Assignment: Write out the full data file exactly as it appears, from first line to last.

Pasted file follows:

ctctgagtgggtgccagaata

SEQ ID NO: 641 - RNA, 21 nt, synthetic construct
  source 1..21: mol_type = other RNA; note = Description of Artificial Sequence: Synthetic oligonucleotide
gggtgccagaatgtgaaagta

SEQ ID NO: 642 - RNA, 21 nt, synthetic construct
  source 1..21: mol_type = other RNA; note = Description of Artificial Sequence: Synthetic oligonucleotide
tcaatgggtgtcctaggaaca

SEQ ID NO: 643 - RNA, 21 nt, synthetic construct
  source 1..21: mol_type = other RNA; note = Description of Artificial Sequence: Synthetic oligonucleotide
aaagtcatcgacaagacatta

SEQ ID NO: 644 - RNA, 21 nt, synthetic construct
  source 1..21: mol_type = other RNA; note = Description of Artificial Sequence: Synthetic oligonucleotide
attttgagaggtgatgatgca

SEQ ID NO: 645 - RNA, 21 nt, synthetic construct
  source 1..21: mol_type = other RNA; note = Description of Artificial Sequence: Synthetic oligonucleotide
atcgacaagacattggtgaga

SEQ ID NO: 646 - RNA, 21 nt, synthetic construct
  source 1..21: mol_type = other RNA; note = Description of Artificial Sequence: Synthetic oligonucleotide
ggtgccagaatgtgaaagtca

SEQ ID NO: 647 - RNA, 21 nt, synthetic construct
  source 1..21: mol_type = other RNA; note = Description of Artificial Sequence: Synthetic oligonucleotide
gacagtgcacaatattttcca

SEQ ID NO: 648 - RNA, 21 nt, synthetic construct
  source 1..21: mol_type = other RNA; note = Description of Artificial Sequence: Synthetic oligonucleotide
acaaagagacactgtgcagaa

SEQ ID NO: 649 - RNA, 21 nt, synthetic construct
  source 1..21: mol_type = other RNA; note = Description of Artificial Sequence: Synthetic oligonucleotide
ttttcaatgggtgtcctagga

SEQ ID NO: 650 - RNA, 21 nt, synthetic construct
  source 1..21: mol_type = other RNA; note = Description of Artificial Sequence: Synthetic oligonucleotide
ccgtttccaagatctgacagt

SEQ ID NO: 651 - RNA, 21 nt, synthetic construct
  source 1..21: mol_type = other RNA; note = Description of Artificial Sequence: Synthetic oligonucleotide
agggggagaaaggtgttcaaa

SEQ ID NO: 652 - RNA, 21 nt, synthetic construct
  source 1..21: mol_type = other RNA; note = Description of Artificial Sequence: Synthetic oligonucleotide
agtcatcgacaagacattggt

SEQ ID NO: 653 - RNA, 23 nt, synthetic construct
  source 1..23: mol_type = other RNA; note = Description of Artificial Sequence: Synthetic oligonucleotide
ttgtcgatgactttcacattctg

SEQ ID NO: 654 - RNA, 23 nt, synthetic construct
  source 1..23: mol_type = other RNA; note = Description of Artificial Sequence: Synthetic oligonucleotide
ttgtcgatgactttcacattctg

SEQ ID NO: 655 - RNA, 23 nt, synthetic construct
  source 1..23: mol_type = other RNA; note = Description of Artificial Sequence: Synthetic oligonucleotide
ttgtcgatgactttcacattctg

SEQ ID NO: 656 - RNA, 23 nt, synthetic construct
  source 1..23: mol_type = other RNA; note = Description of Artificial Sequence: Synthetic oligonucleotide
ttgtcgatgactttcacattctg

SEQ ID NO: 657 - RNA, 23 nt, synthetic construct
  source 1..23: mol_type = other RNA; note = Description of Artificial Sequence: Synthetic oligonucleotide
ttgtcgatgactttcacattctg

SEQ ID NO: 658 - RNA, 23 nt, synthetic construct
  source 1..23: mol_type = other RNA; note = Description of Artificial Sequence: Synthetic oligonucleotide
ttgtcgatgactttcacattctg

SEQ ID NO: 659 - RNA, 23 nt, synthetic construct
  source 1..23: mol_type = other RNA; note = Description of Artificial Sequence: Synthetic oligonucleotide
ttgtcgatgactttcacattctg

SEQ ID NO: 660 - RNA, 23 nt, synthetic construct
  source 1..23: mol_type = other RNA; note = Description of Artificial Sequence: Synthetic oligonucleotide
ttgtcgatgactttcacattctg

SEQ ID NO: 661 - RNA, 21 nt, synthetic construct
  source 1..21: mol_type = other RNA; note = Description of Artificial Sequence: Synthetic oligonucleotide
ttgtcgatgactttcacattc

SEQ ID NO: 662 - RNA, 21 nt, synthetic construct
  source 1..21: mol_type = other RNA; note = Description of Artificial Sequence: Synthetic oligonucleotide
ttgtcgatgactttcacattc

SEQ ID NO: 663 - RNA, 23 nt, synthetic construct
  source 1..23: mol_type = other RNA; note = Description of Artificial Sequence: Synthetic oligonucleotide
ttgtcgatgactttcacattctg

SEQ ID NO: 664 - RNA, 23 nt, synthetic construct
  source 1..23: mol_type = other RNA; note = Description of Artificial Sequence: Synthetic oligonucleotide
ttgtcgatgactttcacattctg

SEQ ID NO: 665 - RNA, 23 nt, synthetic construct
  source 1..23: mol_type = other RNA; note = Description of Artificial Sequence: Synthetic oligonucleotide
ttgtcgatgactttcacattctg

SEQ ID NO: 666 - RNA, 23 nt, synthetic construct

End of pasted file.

ctctgagtgggtgccagaata

SEQ ID NO: 641 - RNA, 21 nt, synthetic construct
  source 1..21: mol_type = other RNA; note = Description of Artificial Sequence: Synthetic oligonucleotide
gggtgccagaatgtgaaagta

SEQ ID NO: 642 - RNA, 21 nt, synthetic construct
  source 1..21: mol_type = other RNA; note = Description of Artificial Sequence: Synthetic oligonucleotide
tcaatgggtgtcctaggaaca

SEQ ID NO: 643 - RNA, 21 nt, synthetic construct
  source 1..21: mol_type = other RNA; note = Description of Artificial Sequence: Synthetic oligonucleotide
aaagtcatcgacaagacatta

SEQ ID NO: 644 - RNA, 21 nt, synthetic construct
  source 1..21: mol_type = other RNA; note = Description of Artificial Sequence: Synthetic oligonucleotide
attttgagaggtgatgatgca

SEQ ID NO: 645 - RNA, 21 nt, synthetic construct
  source 1..21: mol_type = other RNA; note = Description of Artificial Sequence: Synthetic oligonucleotide
atcgacaagacattggtgaga

SEQ ID NO: 646 - RNA, 21 nt, synthetic construct
  source 1..21: mol_type = other RNA; note = Description of Artificial Sequence: Synthetic oligonucleotide
ggtgccagaatgtgaaagtca

SEQ ID NO: 647 - RNA, 21 nt, synthetic construct
  source 1..21: mol_type = other RNA; note = Description of Artificial Sequence: Synthetic oligonucleotide
gacagtgcacaatattttcca

SEQ ID NO: 648 - RNA, 21 nt, synthetic construct
  source 1..21: mol_type = other RNA; note = Description of Artificial Sequence: Synthetic oligonucleotide
acaaagagacactgtgcagaa

SEQ ID NO: 649 - RNA, 21 nt, synthetic construct
  source 1..21: mol_type = other RNA; note = Description of Artificial Sequence: Synthetic oligonucleotide
ttttcaatgggtgtcctagga

SEQ ID NO: 650 - RNA, 21 nt, synthetic construct
  source 1..21: mol_type = other RNA; note = Description of Artificial Sequence: Synthetic oligonucleotide
ccgtttccaagatctgacagt

SEQ ID NO: 651 - RNA, 21 nt, synthetic construct
  source 1..21: mol_type = other RNA; note = Description of Artificial Sequence: Synthetic oligonucleotide
agggggagaaaggtgttcaaa

SEQ ID NO: 652 - RNA, 21 nt, synthetic construct
  source 1..21: mol_type = other RNA; note = Description of Artificial Sequence: Synthetic oligonucleotide
agtcatcgacaagacattggt

SEQ ID NO: 653 - RNA, 23 nt, synthetic construct
  source 1..23: mol_type = other RNA; note = Description of Artificial Sequence: Synthetic oligonucleotide
ttgtcgatgactttcacattctg

SEQ ID NO: 654 - RNA, 23 nt, synthetic construct
  source 1..23: mol_type = other RNA; note = Description of Artificial Sequence: Synthetic oligonucleotide
ttgtcgatgactttcacattctg

SEQ ID NO: 655 - RNA, 23 nt, synthetic construct
  source 1..23: mol_type = other RNA; note = Description of Artificial Sequence: Synthetic oligonucleotide
ttgtcgatgactttcacattctg

SEQ ID NO: 656 - RNA, 23 nt, synthetic construct
  source 1..23: mol_type = other RNA; note = Description of Artificial Sequence: Synthetic oligonucleotide
ttgtcgatgactttcacattctg

SEQ ID NO: 657 - RNA, 23 nt, synthetic construct
  source 1..23: mol_type = other RNA; note = Description of Artificial Sequence: Synthetic oligonucleotide
ttgtcgatgactttcacattctg

SEQ ID NO: 658 - RNA, 23 nt, synthetic construct
  source 1..23: mol_type = other RNA; note = Description of Artificial Sequence: Synthetic oligonucleotide
ttgtcgatgactttcacattctg

SEQ ID NO: 659 - RNA, 23 nt, synthetic construct
  source 1..23: mol_type = other RNA; note = Description of Artificial Sequence: Synthetic oligonucleotide
ttgtcgatgactttcacattctg

SEQ ID NO: 660 - RNA, 23 nt, synthetic construct
  source 1..23: mol_type = other RNA; note = Description of Artificial Sequence: Synthetic oligonucleotide
ttgtcgatgactttcacattctg

SEQ ID NO: 661 - RNA, 21 nt, synthetic construct
  source 1..21: mol_type = other RNA; note = Description of Artificial Sequence: Synthetic oligonucleotide
ttgtcgatgactttcacattc

SEQ ID NO: 662 - RNA, 21 nt, synthetic construct
  source 1..21: mol_type = other RNA; note = Description of Artificial Sequence: Synthetic oligonucleotide
ttgtcgatgactttcacattc

SEQ ID NO: 663 - RNA, 23 nt, synthetic construct
  source 1..23: mol_type = other RNA; note = Description of Artificial Sequence: Synthetic oligonucleotide
ttgtcgatgactttcacattctg

SEQ ID NO: 664 - RNA, 23 nt, synthetic construct
  source 1..23: mol_type = other RNA; note = Description of Artificial Sequence: Synthetic oligonucleotide
ttgtcgatgactttcacattctg

SEQ ID NO: 665 - RNA, 23 nt, synthetic construct
  source 1..23: mol_type = other RNA; note = Description of Artificial Sequence: Synthetic oligonucleotide
ttgtcgatgactttcacattctg

SEQ ID NO: 666 - RNA, 23 nt, synthetic construct